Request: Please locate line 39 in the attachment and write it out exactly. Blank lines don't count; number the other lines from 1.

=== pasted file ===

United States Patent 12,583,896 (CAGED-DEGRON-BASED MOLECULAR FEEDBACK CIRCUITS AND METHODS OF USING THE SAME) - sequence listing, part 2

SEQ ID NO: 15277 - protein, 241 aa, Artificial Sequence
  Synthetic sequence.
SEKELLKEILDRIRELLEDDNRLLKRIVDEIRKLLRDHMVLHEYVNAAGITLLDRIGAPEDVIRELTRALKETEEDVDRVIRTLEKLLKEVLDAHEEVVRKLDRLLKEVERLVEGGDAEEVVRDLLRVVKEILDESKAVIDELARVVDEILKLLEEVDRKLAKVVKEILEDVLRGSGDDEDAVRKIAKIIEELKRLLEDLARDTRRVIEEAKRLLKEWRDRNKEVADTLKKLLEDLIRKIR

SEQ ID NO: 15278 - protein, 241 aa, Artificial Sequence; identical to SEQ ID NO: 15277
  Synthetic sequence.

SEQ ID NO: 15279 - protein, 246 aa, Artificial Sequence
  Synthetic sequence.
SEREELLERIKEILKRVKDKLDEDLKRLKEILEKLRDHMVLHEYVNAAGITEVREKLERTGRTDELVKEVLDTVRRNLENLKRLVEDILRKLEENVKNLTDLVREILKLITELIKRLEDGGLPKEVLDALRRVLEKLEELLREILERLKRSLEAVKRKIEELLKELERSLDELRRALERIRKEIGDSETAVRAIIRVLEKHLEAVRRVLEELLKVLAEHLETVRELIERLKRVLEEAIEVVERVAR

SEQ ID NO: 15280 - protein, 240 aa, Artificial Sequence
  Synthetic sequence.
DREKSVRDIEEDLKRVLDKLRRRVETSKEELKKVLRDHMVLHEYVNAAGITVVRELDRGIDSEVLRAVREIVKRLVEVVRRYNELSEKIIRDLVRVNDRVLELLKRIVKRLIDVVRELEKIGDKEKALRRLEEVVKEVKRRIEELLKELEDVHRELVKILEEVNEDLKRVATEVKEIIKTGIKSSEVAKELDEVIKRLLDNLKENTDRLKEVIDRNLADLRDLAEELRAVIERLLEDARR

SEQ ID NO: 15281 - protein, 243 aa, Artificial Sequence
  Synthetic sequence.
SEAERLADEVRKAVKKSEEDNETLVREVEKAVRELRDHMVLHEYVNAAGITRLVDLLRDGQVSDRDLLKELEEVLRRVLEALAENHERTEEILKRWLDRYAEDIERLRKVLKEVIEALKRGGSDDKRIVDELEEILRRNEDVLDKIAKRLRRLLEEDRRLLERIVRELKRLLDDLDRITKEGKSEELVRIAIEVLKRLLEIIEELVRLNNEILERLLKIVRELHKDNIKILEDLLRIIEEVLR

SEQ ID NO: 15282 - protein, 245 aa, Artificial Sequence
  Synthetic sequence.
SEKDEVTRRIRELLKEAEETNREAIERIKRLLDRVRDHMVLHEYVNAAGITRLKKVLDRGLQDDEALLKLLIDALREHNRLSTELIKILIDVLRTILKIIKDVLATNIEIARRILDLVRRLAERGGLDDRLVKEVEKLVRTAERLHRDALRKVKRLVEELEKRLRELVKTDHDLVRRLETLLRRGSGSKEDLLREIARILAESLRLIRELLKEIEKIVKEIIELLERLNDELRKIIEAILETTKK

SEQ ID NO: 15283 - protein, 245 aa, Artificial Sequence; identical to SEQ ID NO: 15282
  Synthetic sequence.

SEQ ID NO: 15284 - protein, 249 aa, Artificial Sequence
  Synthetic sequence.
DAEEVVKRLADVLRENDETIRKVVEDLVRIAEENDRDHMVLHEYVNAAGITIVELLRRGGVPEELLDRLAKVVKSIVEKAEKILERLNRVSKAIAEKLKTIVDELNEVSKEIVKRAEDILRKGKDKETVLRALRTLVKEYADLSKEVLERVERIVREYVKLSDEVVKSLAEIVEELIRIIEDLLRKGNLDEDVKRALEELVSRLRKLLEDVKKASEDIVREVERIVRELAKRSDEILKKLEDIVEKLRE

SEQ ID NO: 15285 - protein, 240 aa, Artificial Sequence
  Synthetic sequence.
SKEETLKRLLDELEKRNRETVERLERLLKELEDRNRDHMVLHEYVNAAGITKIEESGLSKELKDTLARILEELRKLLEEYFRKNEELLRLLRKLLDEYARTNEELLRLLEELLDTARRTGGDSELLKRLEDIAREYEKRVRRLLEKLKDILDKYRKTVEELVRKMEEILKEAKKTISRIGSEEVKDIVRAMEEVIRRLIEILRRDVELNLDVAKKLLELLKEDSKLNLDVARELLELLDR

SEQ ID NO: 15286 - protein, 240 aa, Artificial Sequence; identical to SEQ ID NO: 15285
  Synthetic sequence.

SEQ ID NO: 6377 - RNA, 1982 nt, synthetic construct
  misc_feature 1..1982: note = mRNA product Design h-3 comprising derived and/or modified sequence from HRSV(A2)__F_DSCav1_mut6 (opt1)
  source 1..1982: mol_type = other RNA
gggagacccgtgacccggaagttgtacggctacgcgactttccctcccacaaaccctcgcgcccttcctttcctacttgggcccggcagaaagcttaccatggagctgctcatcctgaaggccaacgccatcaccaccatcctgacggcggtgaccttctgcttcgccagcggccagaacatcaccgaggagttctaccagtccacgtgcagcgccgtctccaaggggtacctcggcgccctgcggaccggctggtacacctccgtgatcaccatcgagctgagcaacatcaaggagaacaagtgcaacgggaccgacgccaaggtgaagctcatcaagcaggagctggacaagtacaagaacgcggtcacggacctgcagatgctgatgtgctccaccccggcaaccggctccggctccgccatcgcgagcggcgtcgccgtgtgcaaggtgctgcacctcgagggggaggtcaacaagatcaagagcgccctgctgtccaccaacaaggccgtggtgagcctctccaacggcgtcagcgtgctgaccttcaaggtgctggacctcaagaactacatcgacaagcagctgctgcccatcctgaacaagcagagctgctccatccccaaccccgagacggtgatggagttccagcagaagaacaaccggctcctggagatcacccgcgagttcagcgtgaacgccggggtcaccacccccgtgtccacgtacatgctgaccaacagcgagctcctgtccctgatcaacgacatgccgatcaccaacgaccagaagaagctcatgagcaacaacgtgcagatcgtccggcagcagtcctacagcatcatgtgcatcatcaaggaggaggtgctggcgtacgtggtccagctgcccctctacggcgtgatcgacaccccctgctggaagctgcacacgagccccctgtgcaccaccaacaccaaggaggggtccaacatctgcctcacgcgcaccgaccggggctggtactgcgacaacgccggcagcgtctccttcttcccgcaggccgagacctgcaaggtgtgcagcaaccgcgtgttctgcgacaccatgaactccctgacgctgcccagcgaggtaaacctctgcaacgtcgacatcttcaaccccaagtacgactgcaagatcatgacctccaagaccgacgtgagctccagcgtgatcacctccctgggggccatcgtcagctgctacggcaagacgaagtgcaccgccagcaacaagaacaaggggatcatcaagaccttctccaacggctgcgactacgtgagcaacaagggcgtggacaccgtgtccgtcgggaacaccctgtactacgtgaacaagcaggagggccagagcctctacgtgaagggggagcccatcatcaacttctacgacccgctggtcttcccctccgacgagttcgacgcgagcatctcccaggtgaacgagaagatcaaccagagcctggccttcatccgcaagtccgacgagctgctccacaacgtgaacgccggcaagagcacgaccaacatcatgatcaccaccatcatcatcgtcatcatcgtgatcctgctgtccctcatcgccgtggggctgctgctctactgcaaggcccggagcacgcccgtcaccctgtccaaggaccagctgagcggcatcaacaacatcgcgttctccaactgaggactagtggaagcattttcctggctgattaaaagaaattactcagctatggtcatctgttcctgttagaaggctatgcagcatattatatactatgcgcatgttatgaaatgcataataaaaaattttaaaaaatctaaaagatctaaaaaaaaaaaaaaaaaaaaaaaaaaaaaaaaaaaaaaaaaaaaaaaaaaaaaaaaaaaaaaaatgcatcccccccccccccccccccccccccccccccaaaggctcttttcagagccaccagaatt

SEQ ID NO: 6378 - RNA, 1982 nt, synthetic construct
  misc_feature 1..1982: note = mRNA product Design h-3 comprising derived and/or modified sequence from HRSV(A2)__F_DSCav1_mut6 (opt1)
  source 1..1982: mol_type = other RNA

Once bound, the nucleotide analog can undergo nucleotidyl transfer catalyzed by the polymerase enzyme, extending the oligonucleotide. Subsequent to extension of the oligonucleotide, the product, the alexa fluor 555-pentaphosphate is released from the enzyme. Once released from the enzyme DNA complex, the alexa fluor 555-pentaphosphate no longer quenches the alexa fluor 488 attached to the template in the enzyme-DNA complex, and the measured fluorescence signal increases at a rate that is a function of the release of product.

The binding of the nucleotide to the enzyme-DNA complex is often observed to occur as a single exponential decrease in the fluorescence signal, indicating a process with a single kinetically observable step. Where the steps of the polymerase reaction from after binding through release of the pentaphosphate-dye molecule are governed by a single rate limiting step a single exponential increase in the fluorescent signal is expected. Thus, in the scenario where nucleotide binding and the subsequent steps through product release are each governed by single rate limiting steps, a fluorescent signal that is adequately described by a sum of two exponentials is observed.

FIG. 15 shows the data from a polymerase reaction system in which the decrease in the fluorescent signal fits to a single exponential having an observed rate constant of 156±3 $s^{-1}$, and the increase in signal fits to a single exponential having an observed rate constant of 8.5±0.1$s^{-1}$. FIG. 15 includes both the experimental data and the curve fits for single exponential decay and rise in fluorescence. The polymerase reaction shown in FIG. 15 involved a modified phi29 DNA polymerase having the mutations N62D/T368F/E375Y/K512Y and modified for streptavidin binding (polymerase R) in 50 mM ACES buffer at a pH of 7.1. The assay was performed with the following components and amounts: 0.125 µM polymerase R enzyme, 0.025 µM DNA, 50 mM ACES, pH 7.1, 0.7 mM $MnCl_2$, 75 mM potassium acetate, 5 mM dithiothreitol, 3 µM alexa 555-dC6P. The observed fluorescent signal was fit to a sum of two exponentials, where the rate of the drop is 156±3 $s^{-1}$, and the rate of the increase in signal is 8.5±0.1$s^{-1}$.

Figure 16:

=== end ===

Figure 16: